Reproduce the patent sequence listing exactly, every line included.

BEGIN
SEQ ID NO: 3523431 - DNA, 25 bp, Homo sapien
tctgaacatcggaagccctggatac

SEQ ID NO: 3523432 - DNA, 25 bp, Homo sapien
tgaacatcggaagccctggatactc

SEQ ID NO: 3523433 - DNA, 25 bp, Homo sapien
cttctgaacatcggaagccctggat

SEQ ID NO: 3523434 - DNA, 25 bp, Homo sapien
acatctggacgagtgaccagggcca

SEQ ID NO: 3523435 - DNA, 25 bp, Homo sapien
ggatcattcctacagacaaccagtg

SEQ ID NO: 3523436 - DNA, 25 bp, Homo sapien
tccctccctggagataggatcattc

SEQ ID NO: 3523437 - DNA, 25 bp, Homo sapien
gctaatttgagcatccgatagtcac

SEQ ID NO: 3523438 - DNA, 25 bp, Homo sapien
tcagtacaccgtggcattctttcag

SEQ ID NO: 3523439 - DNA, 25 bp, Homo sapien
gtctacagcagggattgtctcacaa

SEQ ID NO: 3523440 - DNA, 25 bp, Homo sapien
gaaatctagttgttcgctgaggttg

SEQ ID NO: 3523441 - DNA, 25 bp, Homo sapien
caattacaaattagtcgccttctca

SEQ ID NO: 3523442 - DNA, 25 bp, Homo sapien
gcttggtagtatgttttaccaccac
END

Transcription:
SEQ ID NO: 3523431 - DNA, 25 bp, Homo sapien
tctgaacatcggaagccctggatac

SEQ ID NO: 3523432 - DNA, 25 bp, Homo sapien
tgaacatcggaagccctggatactc

SEQ ID NO: 3523433 - DNA, 25 bp, Homo sapien
cttctgaacatcggaagccctggat

SEQ ID NO: 3523434 - DNA, 25 bp, Homo sapien
acatctggacgagtgaccagggcca

SEQ ID NO: 3523435 - DNA, 25 bp, Homo sapien
ggatcattcctacagacaaccagtg

SEQ ID NO: 3523436 - DNA, 25 bp, Homo sapien
tccctccctggagataggatcattc

SEQ ID NO: 3523437 - DNA, 25 bp, Homo sapien
gctaatttgagcatccgatagtcac

SEQ ID NO: 3523438 - DNA, 25 bp, Homo sapien
tcagtacaccgtggcattctttcag

SEQ ID NO: 3523439 - DNA, 25 bp, Homo sapien
gtctacagcagggattgtctcacaa

SEQ ID NO: 3523440 - DNA, 25 bp, Homo sapien
gaaatctagttgttcgctgaggttg

SEQ ID NO: 3523441 - DNA, 25 bp, Homo sapien
caattacaaattagtcgccttctca

SEQ ID NO: 3523442 - DNA, 25 bp, Homo sapien
gcttggtagtatgttttaccaccac